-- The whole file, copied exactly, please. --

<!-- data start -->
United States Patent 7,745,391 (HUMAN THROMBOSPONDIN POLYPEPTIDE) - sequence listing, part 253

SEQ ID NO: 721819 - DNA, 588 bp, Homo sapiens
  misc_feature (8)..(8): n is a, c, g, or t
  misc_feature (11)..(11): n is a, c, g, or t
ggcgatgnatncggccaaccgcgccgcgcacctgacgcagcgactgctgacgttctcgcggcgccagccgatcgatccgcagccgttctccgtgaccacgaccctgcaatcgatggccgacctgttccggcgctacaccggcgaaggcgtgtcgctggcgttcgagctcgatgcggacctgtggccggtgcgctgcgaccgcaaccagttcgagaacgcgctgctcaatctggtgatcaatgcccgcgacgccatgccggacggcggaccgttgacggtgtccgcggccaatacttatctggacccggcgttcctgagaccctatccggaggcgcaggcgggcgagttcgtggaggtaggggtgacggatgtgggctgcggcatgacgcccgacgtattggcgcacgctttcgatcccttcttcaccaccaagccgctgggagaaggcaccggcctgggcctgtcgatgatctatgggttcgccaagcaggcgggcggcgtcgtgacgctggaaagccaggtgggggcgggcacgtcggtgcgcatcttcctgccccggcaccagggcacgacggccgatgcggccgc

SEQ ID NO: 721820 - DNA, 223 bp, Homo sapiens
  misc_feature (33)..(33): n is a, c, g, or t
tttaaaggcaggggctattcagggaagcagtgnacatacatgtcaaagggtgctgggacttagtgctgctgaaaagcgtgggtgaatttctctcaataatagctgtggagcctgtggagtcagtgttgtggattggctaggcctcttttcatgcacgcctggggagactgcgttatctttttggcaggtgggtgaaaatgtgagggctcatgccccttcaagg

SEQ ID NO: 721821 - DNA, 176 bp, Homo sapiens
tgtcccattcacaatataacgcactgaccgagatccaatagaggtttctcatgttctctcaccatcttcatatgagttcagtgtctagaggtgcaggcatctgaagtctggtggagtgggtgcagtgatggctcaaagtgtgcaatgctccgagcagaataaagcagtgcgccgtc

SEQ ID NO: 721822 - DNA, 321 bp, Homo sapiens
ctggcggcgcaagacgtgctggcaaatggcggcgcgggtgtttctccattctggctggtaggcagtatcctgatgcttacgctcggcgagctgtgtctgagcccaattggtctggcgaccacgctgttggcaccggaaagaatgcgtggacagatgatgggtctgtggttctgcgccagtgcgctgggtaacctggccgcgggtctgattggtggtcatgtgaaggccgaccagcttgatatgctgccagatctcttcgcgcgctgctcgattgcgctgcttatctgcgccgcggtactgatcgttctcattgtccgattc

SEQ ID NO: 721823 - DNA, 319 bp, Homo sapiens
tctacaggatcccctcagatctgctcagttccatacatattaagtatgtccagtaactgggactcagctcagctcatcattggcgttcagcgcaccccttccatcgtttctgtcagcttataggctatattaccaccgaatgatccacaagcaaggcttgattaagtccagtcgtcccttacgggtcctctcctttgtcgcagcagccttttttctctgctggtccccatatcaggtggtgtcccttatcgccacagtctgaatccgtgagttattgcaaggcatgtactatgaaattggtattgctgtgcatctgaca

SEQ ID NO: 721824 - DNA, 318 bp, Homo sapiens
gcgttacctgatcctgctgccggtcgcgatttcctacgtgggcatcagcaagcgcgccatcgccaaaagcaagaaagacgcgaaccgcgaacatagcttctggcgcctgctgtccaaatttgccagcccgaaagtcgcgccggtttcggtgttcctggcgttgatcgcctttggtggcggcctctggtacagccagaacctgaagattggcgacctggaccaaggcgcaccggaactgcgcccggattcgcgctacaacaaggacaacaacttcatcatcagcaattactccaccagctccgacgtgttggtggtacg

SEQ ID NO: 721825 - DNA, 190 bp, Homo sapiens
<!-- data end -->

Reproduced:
United States Patent 7,745,391 (HUMAN THROMBOSPONDIN POLYPEPTIDE) - sequence listing, part 253

SEQ ID NO: 721819 - DNA, 588 bp, Homo sapiens
  misc_feature (8)..(8): n is a, c, g, or t
  misc_feature (11)..(11): n is a, c, g, or t
ggcgatgnatncggccaaccgcgccgcgcacctgacgcagcgactgctgacgttctcgcggcgccagccgatcgatccgcagccgttctccgtgaccacgaccctgcaatcgatggccgacctgttccggcgctacaccggcgaaggcgtgtcgctggcgttcgagctcgatgcggacctgtggccggtgcgctgcgaccgcaaccagttcgagaacgcgctgctcaatctggtgatcaatgcccgcgacgccatgccggacggcggaccgttgacggtgtccgcggccaatacttatctggacccggcgttcctgagaccctatccggaggcgcaggcgggcgagttcgtggaggtaggggtgacggatgtgggctgcggcatgacgcccgacgtattggcgcacgctttcgatcccttcttcaccaccaagccgctgggagaaggcaccggcctgggcctgtcgatgatctatgggttcgccaagcaggcgggcggcgtcgtgacgctggaaagccaggtgggggcgggcacgtcggtgcgcatcttcctgccccggcaccagggcacgacggccgatgcggccgc

SEQ ID NO: 721820 - DNA, 223 bp, Homo sapiens
  misc_feature (33)..(33): n is a, c, g, or t
tttaaaggcaggggctattcagggaagcagtgnacatacatgtcaaagggtgctgggacttagtgctgctgaaaagcgtgggtgaatttctctcaataatagctgtggagcctgtggagtcagtgttgtggattggctaggcctcttttcatgcacgcctggggagactgcgttatctttttggcaggtgggtgaaaatgtgagggctcatgccccttcaagg

SEQ ID NO: 721821 - DNA, 176 bp, Homo sapiens
tgtcccattcacaatataacgcactgaccgagatccaatagaggtttctcatgttctctcaccatcttcatatgagttcagtgtctagaggtgcaggcatctgaagtctggtggagtgggtgcagtgatggctcaaagtgtgcaatgctccgagcagaataaagcagtgcgccgtc

SEQ ID NO: 721822 - DNA, 321 bp, Homo sapiens
ctggcggcgcaagacgtgctggcaaatggcggcgcgggtgtttctccattctggctggtaggcagtatcctgatgcttacgctcggcgagctgtgtctgagcccaattggtctggcgaccacgctgttggcaccggaaagaatgcgtggacagatgatgggtctgtggttctgcgccagtgcgctgggtaacctggccgcgggtctgattggtggtcatgtgaaggccgaccagcttgatatgctgccagatctcttcgcgcgctgctcgattgcgctgcttatctgcgccgcggtactgatcgttctcattgtccgattc

SEQ ID NO: 721823 - DNA, 319 bp, Homo sapiens
tctacaggatcccctcagatctgctcagttccatacatattaagtatgtccagtaactgggactcagctcagctcatcattggcgttcagcgcaccccttccatcgtttctgtcagcttataggctatattaccaccgaatgatccacaagcaaggcttgattaagtccagtcgtcccttacgggtcctctcctttgtcgcagcagccttttttctctgctggtccccatatcaggtggtgtcccttatcgccacagtctgaatccgtgagttattgcaaggcatgtactatgaaattggtattgctgtgcatctgaca

SEQ ID NO: 721824 - DNA, 318 bp, Homo sapiens
gcgttacctgatcctgctgccggtcgcgatttcctacgtgggcatcagcaagcgcgccatcgccaaaagcaagaaagacgcgaaccgcgaacatagcttctggcgcctgctgtccaaatttgccagcccgaaagtcgcgccggtttcggtgttcctggcgttgatcgcctttggtggcggcctctggtacagccagaacctgaagattggcgacctggaccaaggcgcaccggaactgcgcccggattcgcgctacaacaaggacaacaacttcatcatcagcaattactccaccagctccgacgtgttggtggtacg

SEQ ID NO: 721825 - DNA, 190 bp, Homo sapiens